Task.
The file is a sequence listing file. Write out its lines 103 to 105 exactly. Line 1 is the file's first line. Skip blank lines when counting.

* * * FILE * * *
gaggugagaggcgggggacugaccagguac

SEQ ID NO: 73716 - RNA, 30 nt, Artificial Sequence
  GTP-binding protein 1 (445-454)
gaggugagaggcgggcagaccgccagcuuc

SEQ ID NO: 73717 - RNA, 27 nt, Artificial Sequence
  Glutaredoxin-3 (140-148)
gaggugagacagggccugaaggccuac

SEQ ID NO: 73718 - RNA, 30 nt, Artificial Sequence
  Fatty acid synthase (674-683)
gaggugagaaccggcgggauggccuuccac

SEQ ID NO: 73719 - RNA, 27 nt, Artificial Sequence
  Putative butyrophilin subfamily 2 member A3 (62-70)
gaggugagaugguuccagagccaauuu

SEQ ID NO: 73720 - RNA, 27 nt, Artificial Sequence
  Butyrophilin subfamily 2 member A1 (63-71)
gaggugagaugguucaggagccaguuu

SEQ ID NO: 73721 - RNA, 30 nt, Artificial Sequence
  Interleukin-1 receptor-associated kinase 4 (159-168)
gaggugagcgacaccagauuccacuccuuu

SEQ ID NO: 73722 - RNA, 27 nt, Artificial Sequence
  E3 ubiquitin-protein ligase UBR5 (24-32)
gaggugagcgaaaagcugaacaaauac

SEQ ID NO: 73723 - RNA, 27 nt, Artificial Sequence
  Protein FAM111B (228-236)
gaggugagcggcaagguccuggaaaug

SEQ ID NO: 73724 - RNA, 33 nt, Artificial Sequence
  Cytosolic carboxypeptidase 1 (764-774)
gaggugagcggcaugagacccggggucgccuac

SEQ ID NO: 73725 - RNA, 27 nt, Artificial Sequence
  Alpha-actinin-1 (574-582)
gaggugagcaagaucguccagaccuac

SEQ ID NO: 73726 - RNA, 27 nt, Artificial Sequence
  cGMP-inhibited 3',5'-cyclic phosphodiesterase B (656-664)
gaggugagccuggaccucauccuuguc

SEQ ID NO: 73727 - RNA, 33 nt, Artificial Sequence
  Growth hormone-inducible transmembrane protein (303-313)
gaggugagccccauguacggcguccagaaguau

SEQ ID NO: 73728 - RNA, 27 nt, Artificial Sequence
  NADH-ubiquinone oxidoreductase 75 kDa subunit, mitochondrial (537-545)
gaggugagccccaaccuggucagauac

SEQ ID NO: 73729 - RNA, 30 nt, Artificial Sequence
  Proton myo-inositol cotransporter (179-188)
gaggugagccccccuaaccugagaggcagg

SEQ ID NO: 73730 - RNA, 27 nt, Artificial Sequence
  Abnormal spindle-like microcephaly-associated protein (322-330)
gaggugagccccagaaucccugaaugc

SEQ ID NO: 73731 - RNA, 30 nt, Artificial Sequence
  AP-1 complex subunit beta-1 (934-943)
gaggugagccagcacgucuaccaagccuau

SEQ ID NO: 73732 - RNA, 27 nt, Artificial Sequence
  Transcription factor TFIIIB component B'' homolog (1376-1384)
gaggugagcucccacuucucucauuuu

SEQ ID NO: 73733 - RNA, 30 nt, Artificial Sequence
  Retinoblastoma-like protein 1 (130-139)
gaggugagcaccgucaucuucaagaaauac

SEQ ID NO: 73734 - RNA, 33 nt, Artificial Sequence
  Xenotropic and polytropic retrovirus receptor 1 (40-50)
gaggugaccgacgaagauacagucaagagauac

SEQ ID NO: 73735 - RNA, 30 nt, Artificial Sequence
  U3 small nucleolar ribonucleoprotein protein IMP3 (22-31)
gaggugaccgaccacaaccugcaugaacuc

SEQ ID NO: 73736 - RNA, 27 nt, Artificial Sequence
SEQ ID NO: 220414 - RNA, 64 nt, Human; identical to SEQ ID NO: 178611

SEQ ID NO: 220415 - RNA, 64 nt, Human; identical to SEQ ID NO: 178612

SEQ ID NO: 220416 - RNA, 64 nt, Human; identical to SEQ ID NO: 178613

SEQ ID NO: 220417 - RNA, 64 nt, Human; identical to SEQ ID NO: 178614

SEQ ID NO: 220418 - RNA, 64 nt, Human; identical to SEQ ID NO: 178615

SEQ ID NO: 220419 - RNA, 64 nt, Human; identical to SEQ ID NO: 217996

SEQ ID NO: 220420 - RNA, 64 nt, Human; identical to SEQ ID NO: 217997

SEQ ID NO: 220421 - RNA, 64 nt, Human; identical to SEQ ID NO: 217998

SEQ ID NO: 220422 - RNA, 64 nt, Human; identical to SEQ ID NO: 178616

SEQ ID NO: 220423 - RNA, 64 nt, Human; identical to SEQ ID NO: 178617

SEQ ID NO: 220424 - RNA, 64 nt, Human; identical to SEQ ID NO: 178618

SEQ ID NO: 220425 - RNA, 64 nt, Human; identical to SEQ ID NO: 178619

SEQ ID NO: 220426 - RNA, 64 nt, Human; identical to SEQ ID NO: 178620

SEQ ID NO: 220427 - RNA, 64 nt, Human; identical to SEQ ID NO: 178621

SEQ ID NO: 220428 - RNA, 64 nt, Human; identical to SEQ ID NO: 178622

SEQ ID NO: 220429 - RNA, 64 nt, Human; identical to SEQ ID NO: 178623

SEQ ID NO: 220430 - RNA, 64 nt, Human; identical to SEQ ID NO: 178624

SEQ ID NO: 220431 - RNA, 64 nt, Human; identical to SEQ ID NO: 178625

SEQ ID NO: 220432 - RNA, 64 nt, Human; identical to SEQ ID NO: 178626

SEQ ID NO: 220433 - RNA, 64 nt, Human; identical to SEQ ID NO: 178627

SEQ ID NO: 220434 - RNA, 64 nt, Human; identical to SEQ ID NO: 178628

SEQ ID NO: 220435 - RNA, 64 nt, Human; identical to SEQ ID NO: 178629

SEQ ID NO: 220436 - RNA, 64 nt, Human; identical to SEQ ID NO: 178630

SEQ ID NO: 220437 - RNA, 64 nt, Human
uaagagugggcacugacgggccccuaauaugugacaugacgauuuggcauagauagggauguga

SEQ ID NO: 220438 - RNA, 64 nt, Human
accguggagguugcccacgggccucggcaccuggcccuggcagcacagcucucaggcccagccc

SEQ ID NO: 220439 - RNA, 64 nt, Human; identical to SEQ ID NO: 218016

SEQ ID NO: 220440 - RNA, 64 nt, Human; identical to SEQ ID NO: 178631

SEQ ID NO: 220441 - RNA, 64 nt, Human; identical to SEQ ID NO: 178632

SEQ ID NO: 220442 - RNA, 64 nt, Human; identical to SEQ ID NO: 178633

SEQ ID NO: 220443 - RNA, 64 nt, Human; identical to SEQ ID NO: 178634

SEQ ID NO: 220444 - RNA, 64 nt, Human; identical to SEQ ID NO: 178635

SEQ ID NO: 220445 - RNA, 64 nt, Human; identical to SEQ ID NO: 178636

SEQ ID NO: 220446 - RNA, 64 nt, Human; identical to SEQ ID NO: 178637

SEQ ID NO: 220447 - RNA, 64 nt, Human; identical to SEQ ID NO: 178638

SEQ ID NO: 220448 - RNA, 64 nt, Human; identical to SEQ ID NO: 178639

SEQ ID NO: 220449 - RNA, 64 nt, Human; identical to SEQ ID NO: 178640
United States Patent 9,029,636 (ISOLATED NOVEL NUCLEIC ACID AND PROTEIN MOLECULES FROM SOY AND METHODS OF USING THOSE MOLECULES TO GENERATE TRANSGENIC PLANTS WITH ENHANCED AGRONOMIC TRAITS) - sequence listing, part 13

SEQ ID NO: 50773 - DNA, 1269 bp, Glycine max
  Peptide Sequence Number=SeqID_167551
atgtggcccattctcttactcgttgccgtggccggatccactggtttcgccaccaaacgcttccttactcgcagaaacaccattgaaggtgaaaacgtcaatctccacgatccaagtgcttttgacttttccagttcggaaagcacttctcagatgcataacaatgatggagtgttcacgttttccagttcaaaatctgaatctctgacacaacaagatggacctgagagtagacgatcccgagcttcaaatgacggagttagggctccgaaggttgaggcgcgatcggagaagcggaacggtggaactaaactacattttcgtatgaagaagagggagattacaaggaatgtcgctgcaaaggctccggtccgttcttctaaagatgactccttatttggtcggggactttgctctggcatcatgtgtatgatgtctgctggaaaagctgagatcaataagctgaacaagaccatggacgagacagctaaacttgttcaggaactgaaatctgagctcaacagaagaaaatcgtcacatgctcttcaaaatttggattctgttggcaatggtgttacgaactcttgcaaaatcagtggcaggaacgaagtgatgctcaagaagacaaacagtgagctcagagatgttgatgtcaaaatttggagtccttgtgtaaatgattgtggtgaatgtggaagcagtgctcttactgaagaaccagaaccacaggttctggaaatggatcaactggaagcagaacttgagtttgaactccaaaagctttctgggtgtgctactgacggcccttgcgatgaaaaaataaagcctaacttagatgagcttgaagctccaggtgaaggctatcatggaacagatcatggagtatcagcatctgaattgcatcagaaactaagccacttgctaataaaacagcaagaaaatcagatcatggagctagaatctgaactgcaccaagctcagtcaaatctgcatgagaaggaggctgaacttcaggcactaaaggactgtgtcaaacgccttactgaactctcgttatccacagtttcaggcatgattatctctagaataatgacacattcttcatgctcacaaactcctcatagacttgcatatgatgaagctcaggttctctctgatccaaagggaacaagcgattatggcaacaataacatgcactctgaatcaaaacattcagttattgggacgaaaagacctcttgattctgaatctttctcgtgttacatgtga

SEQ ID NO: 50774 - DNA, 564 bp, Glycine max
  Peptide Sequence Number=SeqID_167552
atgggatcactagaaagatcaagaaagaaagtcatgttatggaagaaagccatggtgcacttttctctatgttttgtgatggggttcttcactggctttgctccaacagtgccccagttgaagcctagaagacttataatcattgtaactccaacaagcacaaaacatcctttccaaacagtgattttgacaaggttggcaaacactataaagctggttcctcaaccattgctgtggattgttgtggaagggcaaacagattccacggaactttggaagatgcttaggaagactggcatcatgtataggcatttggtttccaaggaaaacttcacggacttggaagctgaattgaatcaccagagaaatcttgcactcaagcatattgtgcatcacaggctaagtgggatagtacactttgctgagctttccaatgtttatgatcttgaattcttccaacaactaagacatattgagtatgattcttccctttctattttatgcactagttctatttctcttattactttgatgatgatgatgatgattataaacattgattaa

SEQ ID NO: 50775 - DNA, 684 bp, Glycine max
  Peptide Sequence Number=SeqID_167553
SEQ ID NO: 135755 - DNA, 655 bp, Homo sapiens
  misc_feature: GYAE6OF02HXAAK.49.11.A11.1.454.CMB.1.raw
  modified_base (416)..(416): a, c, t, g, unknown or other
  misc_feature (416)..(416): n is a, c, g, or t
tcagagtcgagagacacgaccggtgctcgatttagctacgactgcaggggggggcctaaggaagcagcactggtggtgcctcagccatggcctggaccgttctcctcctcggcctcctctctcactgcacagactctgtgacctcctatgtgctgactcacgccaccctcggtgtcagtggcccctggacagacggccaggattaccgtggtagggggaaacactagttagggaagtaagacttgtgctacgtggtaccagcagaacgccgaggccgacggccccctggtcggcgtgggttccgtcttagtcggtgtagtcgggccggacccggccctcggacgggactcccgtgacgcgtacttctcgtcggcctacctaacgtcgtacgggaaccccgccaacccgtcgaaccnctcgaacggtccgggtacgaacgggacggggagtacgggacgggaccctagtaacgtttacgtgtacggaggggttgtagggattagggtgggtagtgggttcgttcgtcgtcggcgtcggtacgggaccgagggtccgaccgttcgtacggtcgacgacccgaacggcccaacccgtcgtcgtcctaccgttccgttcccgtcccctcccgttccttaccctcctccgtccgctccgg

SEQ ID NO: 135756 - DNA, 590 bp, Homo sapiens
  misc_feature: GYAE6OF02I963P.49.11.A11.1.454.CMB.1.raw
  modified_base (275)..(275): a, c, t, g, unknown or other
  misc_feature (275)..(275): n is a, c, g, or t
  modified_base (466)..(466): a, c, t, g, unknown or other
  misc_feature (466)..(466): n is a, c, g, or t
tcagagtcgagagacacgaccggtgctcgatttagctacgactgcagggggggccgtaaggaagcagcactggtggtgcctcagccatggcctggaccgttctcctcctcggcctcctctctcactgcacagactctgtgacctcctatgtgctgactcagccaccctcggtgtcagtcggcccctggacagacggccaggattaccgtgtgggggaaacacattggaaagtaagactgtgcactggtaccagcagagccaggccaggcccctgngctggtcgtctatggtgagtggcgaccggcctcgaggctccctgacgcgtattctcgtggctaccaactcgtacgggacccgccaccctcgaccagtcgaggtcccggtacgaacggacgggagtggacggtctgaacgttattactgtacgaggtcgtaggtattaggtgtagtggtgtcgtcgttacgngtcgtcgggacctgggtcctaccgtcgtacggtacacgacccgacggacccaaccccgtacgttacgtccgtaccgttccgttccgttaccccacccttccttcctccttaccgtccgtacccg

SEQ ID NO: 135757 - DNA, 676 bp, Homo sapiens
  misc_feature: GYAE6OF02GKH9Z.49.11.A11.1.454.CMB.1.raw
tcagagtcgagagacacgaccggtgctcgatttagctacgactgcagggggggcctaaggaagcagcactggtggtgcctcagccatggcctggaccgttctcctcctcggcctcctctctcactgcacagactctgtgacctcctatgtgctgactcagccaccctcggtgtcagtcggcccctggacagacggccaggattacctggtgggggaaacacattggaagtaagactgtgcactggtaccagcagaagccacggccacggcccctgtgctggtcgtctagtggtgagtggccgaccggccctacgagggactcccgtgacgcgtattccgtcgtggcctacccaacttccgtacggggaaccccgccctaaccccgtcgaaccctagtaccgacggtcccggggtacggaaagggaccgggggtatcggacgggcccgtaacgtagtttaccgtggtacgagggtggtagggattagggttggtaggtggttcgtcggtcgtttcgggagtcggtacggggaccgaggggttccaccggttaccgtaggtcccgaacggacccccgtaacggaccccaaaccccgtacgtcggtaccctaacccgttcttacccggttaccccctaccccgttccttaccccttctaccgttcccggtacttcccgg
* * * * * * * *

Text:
  Peptide Sequence Number=SeqID_167551
atgtggcccattctcttactcgttgccgtggccggatccactggtttcgccaccaaacgcttccttactcgcagaaacaccattgaaggtgaaaacgtcaatctccacgatccaagtgcttttgacttttccagttcggaaagcacttctcagatgcataacaatgatggagtgttcacgttttccagttcaaaatctgaatctctgacacaacaagatggacctgagagtagacgatcccgagcttcaaatgacggagttagggctccgaaggttgaggcgcgatcggagaagcggaacggtggaactaaactacattttcgtatgaagaagagggagattacaaggaatgtcgctgcaaaggctccggtccgttcttctaaagatgactccttatttggtcggggactttgctctggcatcatgtgtatgatgtctgctggaaaagctgagatcaataagctgaacaagaccatggacgagacagctaaacttgttcaggaactgaaatctgagctcaacagaagaaaatcgtcacatgctcttcaaaatttggattctgttggcaatggtgttacgaactcttgcaaaatcagtggcaggaacgaagtgatgctcaagaagacaaacagtgagctcagagatgttgatgtcaaaatttggagtccttgtgtaaatgattgtggtgaatgtggaagcagtgctcttactgaagaaccagaaccacaggttctggaaatggatcaactggaagcagaacttgagtttgaactccaaaagctttctgggtgtgctactgacggcccttgcgatgaaaaaataaagcctaacttagatgagcttgaagctccaggtgaaggctatcatggaacagatcatggagtatcagcatctgaattgcatcagaaactaagccacttgctaataaaacagcaagaaaatcagatcatggagctagaatctgaactgcaccaagctcagtcaaatctgcatgagaaggaggctgaacttcaggcactaaaggactgtgtcaaacgccttactgaactctcgttatccacagtttcaggcatgattatctctagaataatgacacattcttcatgctcacaaactcctcatagacttgcatatgatgaagctcaggttctctctgatccaaagggaacaagcgattatggcaacaataacatgcactctgaatcaaaacattcagttattgggacgaaaagacctcttgattctgaatctttctcgtgttacatgtga

SEQ ID NO: 50774 - DNA, 564 bp, Glycine max